Care for cake... er, pie? Have both! - Photos MCT/Illustration: The Star
Have two desserts in one – if you dare! – with a pie baked in a cake.
It was just so goofy, I had to try it.
A pie baked inside of a cake?
This oddball dessert-in-a-dessert came to my attention via a publicist’s e-mail. He was promoting food blogger Jessie Jane, who recently demonstrated a patriotic cherry pie cake on “Home & Family” on Hallmark Channel.
But as it turns out, the “pake,” as it’s called, has been a thing on the Internet for a couple of years, known as the turducken of desserts. (Turducken being that Thanksgiving favourite, a chicken roasted inside of a duck inside of a turkey.)
The epitome of this gimmick is a three-layer concoction known as a cherpumple. A cherry pie is baked inside a white cake, a pumpkin pie inside a yellow cake and an apple pie inside a spice cake. Then they’re stacked and frosted.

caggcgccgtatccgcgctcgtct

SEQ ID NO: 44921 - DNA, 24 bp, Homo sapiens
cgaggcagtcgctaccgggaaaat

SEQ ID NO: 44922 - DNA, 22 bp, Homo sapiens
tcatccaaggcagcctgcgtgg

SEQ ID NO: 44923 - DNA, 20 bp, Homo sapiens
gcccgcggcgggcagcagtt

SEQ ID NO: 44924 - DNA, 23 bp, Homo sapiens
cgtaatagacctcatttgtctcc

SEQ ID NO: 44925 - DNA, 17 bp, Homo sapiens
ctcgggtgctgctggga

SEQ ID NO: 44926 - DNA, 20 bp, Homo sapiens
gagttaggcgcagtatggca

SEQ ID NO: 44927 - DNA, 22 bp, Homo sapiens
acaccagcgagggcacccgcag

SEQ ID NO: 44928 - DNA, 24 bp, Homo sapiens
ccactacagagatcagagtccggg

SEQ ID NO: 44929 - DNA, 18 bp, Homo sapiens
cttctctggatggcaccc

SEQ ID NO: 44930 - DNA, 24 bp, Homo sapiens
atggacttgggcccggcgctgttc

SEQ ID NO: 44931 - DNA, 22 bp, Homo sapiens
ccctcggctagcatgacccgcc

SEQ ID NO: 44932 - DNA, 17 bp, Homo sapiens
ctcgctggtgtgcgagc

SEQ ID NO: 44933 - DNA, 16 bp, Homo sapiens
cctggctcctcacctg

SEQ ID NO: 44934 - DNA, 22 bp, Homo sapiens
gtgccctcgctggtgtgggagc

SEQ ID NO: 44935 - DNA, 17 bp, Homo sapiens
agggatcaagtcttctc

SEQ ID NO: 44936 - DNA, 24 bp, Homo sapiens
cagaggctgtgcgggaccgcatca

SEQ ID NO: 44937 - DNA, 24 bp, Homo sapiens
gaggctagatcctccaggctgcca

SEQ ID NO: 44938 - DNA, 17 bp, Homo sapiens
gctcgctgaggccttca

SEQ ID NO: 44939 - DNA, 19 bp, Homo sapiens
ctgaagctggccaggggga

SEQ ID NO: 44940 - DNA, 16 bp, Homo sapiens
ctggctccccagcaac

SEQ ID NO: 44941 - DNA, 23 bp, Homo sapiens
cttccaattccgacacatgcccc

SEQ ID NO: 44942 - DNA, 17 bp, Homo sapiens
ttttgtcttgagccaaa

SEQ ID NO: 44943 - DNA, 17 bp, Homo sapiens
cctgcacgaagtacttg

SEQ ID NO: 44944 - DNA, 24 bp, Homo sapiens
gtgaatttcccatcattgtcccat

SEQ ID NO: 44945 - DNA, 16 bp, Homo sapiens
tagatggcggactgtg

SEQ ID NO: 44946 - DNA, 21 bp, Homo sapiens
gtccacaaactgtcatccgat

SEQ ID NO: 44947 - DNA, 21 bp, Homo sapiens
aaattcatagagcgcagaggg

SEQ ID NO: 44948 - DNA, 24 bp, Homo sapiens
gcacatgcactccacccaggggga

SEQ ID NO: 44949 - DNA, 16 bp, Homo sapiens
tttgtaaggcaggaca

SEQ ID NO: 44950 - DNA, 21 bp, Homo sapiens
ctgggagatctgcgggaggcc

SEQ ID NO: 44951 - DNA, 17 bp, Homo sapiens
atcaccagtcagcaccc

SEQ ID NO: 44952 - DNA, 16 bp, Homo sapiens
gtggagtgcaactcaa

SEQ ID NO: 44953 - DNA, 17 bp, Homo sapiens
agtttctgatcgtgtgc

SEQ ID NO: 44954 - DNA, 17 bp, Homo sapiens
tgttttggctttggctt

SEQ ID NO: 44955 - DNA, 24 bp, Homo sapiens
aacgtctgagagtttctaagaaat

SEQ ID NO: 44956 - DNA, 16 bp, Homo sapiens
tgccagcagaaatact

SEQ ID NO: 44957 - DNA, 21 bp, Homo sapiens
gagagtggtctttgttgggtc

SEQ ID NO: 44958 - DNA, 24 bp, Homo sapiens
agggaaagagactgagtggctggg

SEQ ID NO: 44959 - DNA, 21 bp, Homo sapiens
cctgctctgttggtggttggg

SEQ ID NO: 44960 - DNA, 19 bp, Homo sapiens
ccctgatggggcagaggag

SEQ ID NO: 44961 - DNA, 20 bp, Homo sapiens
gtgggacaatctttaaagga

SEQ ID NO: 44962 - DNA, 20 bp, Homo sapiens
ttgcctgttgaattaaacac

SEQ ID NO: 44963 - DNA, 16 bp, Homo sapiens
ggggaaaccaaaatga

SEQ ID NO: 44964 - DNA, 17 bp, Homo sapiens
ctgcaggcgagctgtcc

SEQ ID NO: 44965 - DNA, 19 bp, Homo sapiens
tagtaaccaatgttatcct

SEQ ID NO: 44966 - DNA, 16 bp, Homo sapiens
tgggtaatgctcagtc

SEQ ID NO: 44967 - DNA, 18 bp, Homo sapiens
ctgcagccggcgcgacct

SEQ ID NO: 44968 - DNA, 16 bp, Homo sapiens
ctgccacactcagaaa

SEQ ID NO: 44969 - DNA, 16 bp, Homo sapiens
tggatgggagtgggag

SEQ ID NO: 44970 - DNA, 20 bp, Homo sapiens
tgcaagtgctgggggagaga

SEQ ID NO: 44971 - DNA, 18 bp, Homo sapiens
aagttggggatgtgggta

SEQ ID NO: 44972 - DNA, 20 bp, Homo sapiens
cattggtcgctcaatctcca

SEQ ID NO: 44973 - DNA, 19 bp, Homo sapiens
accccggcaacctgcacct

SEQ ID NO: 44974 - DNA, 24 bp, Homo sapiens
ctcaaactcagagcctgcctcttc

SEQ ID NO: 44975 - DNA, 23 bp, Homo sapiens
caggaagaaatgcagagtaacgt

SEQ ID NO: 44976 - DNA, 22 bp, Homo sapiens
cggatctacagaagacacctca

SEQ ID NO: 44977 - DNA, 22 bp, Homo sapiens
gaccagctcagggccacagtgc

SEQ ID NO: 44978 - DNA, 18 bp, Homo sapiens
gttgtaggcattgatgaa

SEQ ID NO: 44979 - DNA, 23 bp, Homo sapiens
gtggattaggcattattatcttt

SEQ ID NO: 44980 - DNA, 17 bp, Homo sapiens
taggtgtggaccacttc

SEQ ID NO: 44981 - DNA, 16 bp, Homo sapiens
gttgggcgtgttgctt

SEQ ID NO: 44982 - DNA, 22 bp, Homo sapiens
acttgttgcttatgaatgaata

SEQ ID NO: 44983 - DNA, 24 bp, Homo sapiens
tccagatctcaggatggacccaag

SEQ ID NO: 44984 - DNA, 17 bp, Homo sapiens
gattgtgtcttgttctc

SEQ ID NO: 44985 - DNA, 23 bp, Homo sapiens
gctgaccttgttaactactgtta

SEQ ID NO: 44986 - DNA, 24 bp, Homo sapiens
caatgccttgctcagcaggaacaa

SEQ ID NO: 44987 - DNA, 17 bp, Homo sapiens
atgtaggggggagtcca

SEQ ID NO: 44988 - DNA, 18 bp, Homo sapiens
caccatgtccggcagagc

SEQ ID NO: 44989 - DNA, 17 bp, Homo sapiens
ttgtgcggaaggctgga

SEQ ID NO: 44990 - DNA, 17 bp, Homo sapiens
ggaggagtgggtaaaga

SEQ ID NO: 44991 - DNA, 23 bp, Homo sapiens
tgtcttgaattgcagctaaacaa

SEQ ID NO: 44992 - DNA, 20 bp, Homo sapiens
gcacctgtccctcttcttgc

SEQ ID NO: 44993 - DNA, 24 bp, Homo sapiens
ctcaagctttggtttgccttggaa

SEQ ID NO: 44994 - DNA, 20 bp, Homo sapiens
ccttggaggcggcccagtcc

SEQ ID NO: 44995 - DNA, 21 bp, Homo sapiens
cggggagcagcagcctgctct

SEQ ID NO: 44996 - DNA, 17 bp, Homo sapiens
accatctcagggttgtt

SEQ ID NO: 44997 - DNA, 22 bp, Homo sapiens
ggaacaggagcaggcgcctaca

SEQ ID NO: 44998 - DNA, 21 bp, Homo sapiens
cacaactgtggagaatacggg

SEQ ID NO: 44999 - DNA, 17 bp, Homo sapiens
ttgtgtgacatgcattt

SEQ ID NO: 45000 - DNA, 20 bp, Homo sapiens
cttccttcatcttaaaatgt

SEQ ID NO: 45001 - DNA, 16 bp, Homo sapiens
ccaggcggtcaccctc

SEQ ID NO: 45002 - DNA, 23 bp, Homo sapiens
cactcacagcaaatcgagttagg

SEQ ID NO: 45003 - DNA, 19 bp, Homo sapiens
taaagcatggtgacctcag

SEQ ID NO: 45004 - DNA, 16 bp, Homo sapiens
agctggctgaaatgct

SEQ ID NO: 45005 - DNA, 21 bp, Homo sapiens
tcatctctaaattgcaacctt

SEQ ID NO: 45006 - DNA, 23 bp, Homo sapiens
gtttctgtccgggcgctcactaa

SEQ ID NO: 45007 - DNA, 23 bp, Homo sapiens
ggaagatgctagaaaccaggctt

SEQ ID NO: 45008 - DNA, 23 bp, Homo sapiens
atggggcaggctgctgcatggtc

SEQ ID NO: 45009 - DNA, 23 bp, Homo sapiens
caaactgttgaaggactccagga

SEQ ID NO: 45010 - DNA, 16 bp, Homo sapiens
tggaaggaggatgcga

People who bake this tower of surprises are called “cherpumplers.” (I’m not making this up.)
I decided that one pie, one layer, was quite enough. (And the cherpumple, no surprise, has some stability issues.)
The formula is pretty simple. All you need is a springform pan, a two-layer batch of cake batter and a fully baked, two-crust pie 1½ to 2 inches (3.8cm-5cm) smaller in diameter than your pan.
That last requirement proved to be a little tricky.
For a 9-inch (23cm) pan, you need a pie no more than 7½ inches (19cm) in diameter. If you’re willing to bake your own pie, you can find 7-inch (17.5cm) pie pans online. I also found a frozen blueberry pie from Sara Lee measuring about 7½ inches.
I baked the frozen pie and set it on a rack to cool. Well, impatience got the best of me. When it was still ever-so-slightly warm, I thought: I’ll take it out of the foil pan and it will cool faster.
Bad idea. You guessed it: It fell apart. (I should have stuck it in the fridge instead.)
So I started over, this time purchasing an 8-inch (20cm) blueberry pie from a local grocery’s bakery, the smallest size I could find.
I made a new batch of cake batter, layered about a half-inch or so of batter in the bottom of – this time – a greased and floured 10-inch (25cm) springform pan and added the pie.
Then I poured in more batter to fill around the pie and over the top. (Note: If you use a 10-inch pan, you’ll need a little more batter than one box cake mix makes.)